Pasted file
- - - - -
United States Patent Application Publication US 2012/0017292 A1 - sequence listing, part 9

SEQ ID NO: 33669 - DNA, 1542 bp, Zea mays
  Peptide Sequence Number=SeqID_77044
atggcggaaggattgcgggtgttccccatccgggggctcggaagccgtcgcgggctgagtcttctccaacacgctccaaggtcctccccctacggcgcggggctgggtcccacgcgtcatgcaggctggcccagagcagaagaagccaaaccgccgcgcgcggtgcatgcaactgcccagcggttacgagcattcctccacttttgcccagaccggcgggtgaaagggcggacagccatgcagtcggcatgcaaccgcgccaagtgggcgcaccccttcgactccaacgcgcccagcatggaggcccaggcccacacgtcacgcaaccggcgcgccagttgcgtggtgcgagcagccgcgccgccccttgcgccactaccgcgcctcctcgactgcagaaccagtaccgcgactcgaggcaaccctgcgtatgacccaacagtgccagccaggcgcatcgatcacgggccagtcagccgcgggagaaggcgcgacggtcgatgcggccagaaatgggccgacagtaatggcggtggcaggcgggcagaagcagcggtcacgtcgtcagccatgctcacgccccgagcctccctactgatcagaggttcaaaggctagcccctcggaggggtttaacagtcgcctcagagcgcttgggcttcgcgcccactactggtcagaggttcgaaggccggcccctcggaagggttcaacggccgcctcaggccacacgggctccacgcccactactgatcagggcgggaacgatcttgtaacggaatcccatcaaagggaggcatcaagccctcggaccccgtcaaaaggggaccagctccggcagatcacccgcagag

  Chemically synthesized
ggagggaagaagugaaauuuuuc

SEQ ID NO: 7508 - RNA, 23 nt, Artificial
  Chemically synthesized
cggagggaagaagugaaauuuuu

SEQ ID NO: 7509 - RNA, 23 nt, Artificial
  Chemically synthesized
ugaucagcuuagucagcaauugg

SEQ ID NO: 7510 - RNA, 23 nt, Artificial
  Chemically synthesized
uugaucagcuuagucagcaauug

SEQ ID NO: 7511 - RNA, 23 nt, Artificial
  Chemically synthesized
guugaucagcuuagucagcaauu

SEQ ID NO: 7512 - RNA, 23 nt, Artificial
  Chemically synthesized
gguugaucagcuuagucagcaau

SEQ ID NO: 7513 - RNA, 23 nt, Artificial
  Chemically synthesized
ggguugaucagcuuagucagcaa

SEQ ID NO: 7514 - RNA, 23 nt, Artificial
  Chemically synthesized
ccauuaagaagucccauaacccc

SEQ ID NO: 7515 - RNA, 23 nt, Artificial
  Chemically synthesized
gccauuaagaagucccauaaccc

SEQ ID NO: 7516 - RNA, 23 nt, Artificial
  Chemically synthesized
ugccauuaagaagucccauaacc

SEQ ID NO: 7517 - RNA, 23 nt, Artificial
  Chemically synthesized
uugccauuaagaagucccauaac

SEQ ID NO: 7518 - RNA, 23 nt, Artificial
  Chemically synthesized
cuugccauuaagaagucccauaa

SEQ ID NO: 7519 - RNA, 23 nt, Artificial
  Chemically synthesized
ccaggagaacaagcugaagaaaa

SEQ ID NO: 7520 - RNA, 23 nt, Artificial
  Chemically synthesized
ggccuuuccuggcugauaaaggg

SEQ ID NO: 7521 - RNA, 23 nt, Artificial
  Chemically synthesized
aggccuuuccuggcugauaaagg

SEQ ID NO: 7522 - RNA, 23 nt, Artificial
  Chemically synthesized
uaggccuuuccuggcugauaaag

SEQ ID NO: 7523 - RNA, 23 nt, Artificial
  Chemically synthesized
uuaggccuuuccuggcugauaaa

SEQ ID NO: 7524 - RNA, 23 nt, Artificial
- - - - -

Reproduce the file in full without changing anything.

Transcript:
United States Patent Application Publication US 2012/0017292 A1 - sequence listing, part 9

SEQ ID NO: 33669 - DNA, 1542 bp, Zea mays
  Peptide Sequence Number=SeqID_77044
atggcggaaggattgcgggtgttccccatccgggggctcggaagccgtcgcgggctgagtcttctccaacacgctccaaggtcctccccctacggcgcggggctgggtcccacgcgtcatgcaggctggcccagagcagaagaagccaaaccgccgcgcgcggtgcatgcaactgcccagcggttacgagcattcctccacttttgcccagaccggcgggtgaaagggcggacagccatgcagtcggcatgcaaccgcgccaagtgggcgcaccccttcgactccaacgcgcccagcatggaggcccaggcccacacgtcacgcaaccggcgcgccagttgcgtggtgcgagcagccgcgccgccccttgcgccactaccgcgcctcctcgactgcagaaccagtaccgcgactcgaggcaaccctgcgtatgacccaacagtgccagccaggcgcatcgatcacgggccagtcagccgcgggagaaggcgcgacggtcgatgcggccagaaatgggccgacagtaatggcggtggcaggcgggcagaagcagcggtcacgtcgtcagccatgctcacgccccgagcctccctactgatcagaggttcaaaggctagcccctcggaggggtttaacagtcgcctcagagcgcttgggcttcgcgcccactactggtcagaggttcgaaggccggcccctcggaagggttcaacggccgcctcaggccacacgggctccacgcccactactgatcagggcgggaacgatcttgtaacggaatcccatcaaagggaggcatcaagccctcggaccccgtcaaaaggggaccagctccggcagatcacccgcagag

  Chemically synthesized
ggagggaagaagugaaauuuuuc

SEQ ID NO: 7508 - RNA, 23 nt, Artificial
  Chemically synthesized
cggagggaagaagugaaauuuuu

SEQ ID NO: 7509 - RNA, 23 nt, Artificial
  Chemically synthesized
ugaucagcuuagucagcaauugg

SEQ ID NO: 7510 - RNA, 23 nt, Artificial
  Chemically synthesized
uugaucagcuuagucagcaauug

SEQ ID NO: 7511 - RNA, 23 nt, Artificial
  Chemically synthesized
guugaucagcuuagucagcaauu

SEQ ID NO: 7512 - RNA, 23 nt, Artificial
  Chemically synthesized
gguugaucagcuuagucagcaau

SEQ ID NO: 7513 - RNA, 23 nt, Artificial
  Chemically synthesized
ggguugaucagcuuagucagcaa

SEQ ID NO: 7514 - RNA, 23 nt, Artificial
  Chemically synthesized
ccauuaagaagucccauaacccc

SEQ ID NO: 7515 - RNA, 23 nt, Artificial
  Chemically synthesized
gccauuaagaagucccauaaccc

SEQ ID NO: 7516 - RNA, 23 nt, Artificial
  Chemically synthesized
ugccauuaagaagucccauaacc

SEQ ID NO: 7517 - RNA, 23 nt, Artificial
  Chemically synthesized
uugccauuaagaagucccauaac

SEQ ID NO: 7518 - RNA, 23 nt, Artificial
  Chemically synthesized
cuugccauuaagaagucccauaa

SEQ ID NO: 7519 - RNA, 23 nt, Artificial
  Chemically synthesized
ccaggagaacaagcugaagaaaa

SEQ ID NO: 7520 - RNA, 23 nt, Artificial
  Chemically synthesized
ggccuuuccuggcugauaaaggg

SEQ ID NO: 7521 - RNA, 23 nt, Artificial
  Chemically synthesized
aggccuuuccuggcugauaaagg

SEQ ID NO: 7522 - RNA, 23 nt, Artificial
  Chemically synthesized
uaggccuuuccuggcugauaaag

SEQ ID NO: 7523 - RNA, 23 nt, Artificial
  Chemically synthesized
uuaggccuuuccuggcugauaaa

SEQ ID NO: 7524 - RNA, 23 nt, Artificial